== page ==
1.  On Law360, Fei Dang, Yi Chang, and Hong Qiao have published an article titled A Look at Chinese Courts’ New Approach to IP Damages.  The article principally focuses on case law (involving not only patents but also other forms of IP) in which Chinese courts have begun to award substantial damages.  The authors observe “a shifting trend away from the traditional default reliance on statutory damage awards, which tend to be relatively small,” and devote specific attention to case law grappling with apportionment.  They also note that, for now, “it is less common to find an assessment of noninfringing alternatives,” although this is clearly relevant to determining the value of an infringing technology.

2.  Also on Law360 is an article by Caroline Simpson titled Austrian Pharma Co.'s €142M Award Nixed In Germany.  The article discusses a recent decision of the BGH finding said to have found “procedural flaws” in an arbitration award against a Taiwanese company (arising out of a patent licensing dispute) “with respect to product supply and damage quantification.”  I’ll have to see if I can find the BGH decision itself, after which I may have more to say about the case.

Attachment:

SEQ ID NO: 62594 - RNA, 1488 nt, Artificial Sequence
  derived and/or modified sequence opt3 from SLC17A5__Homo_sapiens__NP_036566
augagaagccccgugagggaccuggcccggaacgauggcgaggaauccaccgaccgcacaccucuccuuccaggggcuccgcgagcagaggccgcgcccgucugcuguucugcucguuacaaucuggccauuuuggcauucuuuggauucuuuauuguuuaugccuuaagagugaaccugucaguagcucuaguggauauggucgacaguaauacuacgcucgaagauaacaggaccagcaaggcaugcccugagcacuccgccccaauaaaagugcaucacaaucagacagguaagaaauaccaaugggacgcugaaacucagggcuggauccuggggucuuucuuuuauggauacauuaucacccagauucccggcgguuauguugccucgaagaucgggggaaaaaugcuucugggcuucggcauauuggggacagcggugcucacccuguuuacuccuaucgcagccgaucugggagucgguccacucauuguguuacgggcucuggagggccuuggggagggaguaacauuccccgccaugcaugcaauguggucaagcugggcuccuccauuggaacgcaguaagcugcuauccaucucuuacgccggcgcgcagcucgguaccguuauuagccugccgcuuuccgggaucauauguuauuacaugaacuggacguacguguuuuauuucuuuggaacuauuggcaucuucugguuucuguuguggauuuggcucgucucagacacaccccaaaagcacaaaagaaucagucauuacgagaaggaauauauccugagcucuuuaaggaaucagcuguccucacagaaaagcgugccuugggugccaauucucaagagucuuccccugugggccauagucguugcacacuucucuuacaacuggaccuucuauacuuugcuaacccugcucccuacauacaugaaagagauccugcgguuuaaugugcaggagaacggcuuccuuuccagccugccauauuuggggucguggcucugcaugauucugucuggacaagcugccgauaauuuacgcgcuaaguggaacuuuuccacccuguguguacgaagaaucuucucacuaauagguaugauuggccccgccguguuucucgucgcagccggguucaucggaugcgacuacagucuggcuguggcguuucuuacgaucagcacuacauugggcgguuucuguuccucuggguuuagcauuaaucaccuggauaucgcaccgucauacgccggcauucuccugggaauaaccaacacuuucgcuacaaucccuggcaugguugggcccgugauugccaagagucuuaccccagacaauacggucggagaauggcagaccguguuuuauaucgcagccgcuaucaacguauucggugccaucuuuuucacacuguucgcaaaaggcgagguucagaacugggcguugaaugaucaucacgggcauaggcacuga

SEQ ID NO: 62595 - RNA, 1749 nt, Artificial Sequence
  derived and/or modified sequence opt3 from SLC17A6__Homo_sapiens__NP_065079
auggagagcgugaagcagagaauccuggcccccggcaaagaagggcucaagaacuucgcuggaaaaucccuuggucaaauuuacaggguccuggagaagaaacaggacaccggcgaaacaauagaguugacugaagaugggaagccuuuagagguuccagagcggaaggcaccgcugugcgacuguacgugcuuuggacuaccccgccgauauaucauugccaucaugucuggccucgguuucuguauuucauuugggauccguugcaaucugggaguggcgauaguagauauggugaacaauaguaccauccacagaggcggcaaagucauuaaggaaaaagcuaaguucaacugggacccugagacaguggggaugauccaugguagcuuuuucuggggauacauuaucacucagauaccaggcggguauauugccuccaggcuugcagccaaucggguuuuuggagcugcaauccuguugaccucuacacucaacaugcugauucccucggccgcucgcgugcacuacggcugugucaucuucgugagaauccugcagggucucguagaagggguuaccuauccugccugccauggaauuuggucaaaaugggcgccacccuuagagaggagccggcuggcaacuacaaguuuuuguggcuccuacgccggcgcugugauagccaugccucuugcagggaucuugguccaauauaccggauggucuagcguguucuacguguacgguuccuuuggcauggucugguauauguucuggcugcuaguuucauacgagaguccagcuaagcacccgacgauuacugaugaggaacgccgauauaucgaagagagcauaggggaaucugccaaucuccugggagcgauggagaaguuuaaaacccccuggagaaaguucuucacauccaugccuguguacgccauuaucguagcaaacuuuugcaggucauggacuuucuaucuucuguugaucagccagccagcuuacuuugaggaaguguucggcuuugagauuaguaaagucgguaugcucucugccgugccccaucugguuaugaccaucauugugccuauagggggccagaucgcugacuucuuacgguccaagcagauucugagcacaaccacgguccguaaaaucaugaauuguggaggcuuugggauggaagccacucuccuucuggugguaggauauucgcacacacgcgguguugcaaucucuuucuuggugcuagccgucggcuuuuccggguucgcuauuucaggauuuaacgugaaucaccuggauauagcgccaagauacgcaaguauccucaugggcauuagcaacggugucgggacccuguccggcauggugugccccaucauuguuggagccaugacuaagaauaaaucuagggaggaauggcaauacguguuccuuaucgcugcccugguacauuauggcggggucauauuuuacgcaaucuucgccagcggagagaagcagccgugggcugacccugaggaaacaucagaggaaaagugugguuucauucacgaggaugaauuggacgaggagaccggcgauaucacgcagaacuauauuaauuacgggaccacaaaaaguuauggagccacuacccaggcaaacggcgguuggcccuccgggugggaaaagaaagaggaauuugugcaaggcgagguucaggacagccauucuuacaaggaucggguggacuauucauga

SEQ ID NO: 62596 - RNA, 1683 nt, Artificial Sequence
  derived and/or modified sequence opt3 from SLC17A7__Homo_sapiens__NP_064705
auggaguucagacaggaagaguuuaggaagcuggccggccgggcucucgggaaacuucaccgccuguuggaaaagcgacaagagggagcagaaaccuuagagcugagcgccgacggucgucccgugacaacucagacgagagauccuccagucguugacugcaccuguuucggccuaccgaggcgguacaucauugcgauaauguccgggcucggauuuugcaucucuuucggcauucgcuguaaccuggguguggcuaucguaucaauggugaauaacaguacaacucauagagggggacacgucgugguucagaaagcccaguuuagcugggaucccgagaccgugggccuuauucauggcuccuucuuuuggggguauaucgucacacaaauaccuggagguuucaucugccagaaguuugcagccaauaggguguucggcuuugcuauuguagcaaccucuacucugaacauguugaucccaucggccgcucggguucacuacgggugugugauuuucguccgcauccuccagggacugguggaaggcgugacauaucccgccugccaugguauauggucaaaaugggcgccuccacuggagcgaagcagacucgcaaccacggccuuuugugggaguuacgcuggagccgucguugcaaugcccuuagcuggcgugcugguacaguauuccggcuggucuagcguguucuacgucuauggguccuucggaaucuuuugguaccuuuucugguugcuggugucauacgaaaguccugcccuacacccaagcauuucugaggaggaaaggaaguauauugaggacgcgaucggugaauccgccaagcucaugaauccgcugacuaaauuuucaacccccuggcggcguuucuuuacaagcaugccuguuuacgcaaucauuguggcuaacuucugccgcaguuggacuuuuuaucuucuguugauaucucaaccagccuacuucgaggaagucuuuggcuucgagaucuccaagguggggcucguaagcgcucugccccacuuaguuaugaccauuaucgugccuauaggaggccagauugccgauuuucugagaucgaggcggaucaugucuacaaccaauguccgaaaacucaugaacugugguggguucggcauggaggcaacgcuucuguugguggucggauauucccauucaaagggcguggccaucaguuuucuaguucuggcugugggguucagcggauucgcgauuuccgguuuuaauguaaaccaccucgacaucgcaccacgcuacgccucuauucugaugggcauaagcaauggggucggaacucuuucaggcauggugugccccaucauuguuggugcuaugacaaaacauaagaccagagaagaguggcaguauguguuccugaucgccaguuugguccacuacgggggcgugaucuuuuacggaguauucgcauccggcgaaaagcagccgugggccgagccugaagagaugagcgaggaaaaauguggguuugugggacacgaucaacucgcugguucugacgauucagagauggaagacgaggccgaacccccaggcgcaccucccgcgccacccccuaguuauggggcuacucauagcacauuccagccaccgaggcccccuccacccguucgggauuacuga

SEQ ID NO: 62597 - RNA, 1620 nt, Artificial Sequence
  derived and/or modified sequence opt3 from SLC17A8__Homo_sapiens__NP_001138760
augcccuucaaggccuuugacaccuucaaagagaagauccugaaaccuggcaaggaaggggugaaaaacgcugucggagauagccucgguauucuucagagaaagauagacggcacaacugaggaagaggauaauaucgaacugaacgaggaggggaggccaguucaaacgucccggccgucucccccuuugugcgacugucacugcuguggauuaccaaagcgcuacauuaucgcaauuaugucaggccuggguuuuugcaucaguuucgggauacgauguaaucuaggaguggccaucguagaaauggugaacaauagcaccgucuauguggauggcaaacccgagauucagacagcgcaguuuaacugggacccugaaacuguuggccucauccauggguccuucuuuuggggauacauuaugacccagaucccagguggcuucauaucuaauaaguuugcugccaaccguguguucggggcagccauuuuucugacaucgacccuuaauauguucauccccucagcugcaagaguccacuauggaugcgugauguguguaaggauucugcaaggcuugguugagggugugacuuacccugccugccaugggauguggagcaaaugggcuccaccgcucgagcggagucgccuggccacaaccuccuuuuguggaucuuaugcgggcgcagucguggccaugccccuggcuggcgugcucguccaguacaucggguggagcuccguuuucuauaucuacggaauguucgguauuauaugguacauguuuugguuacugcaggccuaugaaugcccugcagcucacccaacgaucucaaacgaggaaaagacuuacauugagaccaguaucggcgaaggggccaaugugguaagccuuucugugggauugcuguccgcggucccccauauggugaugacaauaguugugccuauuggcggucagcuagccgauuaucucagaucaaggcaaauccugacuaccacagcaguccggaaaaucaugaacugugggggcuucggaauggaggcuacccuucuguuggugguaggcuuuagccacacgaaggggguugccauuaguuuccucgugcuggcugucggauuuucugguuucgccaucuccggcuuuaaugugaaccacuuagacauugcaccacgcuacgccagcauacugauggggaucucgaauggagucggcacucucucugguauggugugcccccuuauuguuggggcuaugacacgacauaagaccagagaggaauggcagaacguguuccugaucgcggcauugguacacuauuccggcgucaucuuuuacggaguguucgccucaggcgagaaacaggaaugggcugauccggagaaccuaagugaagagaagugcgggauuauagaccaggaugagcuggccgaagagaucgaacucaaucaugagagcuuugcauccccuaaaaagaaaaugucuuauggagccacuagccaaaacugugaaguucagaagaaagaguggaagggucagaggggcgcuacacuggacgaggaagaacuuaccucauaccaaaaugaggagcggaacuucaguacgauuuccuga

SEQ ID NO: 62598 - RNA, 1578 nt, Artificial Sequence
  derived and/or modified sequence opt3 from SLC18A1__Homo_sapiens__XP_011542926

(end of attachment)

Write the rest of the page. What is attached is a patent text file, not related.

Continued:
3. On China IPR, Mark Cohen published a piece titled China in the DOJ Draft Policy:  A Summary of the Comments.  The piece summarizes the author’s and others’ comments on the draft policy (previously noted, e.g., here), specifically as it relates to Chinese policy towards SEPs.  There have been several pieces published recently in various forums and blogs regarding the comments submitted on the draft policy prior to the February 4 deadline; for readers who want to access all of publicly posted comments, see here.

4. FOSS Patents published an article titled European Commission launches public consultation on standard-essential patents and potential SEP legislation:  feedback requested until May 9.  This follows similar calls for public consultation on matters related to SEPs in the U.K. and, as above, the U.S.  Also of interest is this piece discussing a decision by the Düsseldorf Oberlandesgericht holding that there was no specific threat of Xiaomi pursuing an antisuit injunction in China, sufficient to justify issuance of an anti-antisuit injunction in Germany.